Turkish farmers in ‘hardest times’ after lira slump - FT

Many of Turkey’s half a million farmers are struggling to make ends meet after last year's collapse of the Turkish lira combined with a jump in global commodity prices to vastly increase costs, the Financial Times reported.

In the region around Antakya, which has been a breadbasket of civilisations, farmers are toiling on their land for little reward, the FT's Laura Pitel reported on Wednesday. “This is the hardest time I’ve seen,” said Mehmet Muzaffer Okay, who heads Antakya’s chamber of agriculture. He has worked at the chamber for three decades.

Agriculture provides around 7 percent of Turkey’s gross domestic product and Hatay, where Antakya is located, is a top producer of many staple foods including oranges and parsley. But rising costs and growing indebtedness are taking their toll on businesses, Okay said.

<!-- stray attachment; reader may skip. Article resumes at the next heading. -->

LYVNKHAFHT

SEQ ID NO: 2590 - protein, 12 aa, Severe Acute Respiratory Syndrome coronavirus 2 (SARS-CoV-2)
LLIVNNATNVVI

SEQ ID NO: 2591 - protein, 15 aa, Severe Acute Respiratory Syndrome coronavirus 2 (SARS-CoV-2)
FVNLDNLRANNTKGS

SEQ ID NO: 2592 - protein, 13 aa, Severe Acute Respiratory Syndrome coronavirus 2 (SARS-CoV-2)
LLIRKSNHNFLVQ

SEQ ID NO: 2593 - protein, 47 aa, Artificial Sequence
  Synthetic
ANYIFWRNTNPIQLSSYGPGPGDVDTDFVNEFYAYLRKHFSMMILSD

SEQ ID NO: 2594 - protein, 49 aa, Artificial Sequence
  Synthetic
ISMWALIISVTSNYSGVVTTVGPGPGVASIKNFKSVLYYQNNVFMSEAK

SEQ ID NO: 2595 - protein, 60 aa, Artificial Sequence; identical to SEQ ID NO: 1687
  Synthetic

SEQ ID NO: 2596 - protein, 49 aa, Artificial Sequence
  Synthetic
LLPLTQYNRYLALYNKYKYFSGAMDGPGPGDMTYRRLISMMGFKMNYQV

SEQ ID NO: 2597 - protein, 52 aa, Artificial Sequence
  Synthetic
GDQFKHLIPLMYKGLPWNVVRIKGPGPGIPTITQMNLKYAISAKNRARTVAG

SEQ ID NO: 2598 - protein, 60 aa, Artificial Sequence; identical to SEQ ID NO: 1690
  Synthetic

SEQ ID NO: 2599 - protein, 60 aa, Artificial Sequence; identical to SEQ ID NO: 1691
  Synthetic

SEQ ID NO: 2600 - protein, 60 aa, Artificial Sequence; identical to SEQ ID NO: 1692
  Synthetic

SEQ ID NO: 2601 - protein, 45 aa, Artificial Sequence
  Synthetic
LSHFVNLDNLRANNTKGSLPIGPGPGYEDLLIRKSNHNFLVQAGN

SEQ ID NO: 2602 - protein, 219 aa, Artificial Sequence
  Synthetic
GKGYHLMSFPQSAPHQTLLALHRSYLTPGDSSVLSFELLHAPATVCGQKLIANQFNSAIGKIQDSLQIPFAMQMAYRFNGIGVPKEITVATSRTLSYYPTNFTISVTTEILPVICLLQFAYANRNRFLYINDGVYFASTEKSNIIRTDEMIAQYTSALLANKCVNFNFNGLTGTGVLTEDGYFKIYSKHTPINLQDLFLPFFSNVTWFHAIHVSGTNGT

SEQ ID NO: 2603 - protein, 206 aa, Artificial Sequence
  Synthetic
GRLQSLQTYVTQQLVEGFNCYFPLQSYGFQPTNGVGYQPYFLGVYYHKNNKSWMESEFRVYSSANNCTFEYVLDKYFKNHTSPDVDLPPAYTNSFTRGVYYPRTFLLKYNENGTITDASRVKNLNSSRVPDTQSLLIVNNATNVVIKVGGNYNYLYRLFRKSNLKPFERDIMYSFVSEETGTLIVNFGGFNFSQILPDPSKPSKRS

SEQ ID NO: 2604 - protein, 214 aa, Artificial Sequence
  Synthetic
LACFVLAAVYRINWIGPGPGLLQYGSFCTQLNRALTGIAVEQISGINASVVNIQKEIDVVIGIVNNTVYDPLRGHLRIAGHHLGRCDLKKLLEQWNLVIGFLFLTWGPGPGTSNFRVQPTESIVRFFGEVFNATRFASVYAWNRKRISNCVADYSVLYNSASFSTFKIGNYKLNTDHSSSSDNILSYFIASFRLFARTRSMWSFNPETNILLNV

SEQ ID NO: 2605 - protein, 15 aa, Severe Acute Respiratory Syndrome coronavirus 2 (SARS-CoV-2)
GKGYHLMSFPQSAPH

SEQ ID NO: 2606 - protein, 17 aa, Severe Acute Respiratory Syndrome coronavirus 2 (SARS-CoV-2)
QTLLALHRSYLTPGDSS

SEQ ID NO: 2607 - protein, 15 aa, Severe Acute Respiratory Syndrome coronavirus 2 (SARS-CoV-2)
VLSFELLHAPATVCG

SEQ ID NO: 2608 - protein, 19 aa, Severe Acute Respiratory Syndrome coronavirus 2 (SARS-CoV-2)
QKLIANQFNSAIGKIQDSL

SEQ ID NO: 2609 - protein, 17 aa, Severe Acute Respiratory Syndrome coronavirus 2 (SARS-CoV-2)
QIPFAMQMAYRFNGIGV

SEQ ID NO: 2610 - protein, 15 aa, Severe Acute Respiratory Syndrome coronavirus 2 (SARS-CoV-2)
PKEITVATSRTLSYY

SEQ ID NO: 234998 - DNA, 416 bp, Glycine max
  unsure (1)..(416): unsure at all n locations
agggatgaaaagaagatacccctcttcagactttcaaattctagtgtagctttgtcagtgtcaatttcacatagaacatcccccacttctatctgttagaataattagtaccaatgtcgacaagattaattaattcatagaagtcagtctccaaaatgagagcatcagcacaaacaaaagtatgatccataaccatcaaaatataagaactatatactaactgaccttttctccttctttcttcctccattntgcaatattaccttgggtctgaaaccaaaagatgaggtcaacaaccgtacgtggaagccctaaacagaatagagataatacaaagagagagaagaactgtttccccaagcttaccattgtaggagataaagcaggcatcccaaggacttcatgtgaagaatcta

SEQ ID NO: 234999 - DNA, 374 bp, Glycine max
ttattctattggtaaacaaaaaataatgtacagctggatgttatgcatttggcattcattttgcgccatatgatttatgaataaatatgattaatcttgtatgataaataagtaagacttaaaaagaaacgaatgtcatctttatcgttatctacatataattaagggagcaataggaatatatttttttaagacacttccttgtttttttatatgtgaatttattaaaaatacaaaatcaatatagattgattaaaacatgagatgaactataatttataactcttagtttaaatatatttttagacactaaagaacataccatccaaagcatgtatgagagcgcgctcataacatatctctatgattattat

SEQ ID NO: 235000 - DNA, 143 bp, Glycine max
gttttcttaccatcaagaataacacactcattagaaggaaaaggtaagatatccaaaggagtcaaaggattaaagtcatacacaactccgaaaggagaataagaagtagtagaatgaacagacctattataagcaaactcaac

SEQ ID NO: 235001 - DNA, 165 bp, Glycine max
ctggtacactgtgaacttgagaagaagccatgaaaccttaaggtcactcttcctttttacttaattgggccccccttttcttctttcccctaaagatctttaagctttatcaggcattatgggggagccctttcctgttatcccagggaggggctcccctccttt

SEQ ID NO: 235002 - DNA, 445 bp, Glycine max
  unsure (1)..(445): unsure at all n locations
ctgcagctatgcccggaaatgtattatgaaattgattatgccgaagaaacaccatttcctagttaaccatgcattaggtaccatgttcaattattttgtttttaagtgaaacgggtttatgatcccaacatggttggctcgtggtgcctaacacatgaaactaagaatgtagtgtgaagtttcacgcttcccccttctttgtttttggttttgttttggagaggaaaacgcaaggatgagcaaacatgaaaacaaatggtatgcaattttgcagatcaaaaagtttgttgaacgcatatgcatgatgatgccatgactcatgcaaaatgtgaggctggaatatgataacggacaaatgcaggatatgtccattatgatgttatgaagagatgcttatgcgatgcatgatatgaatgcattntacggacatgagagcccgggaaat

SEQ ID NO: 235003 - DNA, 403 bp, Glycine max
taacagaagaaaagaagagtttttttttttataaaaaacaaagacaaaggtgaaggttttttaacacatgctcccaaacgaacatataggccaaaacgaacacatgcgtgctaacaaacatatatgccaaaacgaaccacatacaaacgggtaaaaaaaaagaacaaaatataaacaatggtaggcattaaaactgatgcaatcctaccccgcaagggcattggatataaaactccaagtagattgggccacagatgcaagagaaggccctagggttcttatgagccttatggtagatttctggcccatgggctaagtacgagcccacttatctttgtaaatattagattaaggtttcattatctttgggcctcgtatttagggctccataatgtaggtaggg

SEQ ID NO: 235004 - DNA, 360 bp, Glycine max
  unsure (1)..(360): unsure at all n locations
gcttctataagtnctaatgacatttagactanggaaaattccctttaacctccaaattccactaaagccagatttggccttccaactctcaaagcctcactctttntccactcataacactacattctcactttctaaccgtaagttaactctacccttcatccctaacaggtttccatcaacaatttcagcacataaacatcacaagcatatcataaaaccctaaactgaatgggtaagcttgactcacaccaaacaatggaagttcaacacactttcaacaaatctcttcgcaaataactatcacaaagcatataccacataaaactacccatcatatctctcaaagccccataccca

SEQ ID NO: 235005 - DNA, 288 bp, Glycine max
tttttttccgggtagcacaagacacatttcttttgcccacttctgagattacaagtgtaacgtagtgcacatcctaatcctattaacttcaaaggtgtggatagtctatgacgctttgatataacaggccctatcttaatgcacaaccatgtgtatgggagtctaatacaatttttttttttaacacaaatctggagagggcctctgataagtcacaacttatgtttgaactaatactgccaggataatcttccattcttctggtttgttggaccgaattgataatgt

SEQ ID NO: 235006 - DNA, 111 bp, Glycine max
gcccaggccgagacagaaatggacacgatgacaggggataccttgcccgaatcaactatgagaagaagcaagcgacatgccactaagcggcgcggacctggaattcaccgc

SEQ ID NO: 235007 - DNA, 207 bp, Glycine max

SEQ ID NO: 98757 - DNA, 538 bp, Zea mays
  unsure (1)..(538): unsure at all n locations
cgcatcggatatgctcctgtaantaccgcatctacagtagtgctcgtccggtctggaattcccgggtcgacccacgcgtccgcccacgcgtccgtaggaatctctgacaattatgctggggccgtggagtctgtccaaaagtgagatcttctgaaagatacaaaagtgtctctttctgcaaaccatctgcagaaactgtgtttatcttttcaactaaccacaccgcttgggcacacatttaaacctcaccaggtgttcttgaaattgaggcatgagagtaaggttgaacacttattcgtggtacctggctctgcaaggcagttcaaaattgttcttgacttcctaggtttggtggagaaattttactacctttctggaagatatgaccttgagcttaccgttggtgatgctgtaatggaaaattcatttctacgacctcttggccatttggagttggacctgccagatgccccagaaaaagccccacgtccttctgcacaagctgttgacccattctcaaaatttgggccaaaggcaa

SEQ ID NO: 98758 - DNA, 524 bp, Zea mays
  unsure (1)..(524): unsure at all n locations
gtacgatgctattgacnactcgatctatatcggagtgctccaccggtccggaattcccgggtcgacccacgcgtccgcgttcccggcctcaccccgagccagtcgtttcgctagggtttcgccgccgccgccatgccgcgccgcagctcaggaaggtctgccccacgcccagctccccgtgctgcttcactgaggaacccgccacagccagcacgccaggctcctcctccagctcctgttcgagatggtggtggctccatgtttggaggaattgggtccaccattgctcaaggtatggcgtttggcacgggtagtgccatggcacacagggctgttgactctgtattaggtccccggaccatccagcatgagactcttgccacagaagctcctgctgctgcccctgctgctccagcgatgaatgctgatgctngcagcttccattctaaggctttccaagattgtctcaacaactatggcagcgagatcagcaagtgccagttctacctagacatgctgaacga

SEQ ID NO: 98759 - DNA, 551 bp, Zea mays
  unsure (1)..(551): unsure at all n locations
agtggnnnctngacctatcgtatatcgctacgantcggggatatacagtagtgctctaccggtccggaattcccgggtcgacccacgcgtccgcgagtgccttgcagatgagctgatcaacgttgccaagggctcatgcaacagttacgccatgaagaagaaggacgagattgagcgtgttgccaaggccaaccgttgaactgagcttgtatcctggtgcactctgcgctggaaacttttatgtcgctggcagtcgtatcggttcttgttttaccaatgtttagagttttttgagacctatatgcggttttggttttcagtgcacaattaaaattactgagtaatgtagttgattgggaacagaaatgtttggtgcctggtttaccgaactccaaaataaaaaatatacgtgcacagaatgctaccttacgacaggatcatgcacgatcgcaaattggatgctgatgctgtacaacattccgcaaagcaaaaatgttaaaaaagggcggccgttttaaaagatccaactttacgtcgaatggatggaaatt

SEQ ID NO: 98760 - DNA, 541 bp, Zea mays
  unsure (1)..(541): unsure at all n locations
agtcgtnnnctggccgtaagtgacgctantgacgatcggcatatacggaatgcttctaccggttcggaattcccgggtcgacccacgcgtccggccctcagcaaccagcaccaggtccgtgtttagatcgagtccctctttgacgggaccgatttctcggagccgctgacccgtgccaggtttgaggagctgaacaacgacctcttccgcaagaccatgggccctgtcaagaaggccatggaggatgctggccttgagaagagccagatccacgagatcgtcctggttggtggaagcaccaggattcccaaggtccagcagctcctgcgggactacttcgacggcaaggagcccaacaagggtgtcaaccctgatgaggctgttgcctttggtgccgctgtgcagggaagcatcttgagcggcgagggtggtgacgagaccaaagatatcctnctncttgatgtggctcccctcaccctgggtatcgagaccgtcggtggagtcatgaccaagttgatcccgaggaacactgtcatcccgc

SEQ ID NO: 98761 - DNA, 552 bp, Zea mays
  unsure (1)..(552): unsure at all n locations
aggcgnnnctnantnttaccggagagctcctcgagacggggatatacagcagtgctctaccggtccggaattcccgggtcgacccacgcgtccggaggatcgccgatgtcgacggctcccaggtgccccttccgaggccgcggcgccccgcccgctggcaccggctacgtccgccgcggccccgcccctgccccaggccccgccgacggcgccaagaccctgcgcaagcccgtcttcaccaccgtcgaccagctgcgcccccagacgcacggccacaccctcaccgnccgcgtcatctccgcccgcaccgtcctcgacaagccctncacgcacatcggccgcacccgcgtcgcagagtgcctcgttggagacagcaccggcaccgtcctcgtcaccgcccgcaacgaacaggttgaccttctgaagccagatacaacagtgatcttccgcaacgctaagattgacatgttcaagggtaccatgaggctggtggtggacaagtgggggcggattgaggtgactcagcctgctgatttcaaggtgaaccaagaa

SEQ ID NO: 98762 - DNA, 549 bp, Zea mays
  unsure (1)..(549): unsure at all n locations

“Their resistance is wearing thin,” he said.

Official data shows that Turkish food prices surged by an annual 70 percent in March. April figures, due on Thursday, are expected to show that overall consumer price inflation accelerated to about 68 percent from 61.1 percent the previous month, a two-decade high, according to a Reuters poll of economists last week. Price increases may slow to only 50 percent by the year-end, Reuters said.

Farmer Mahmut Çam said that a year ago it cost him around 3,000 liras to fill up his five tractors with diesel. Now the price has risen to 13,000 liras. He says there has also been a fourfold rise in the cost of fertiliser and pesticides.

“When these things are cheap, we can sell our products at a cheap price and our people can have affordable food,” Çam said. “When they are expensive, production will be lower and food will be more pricey.” 

This block is broken or missing. You may be missing content or you might need to enable the original module.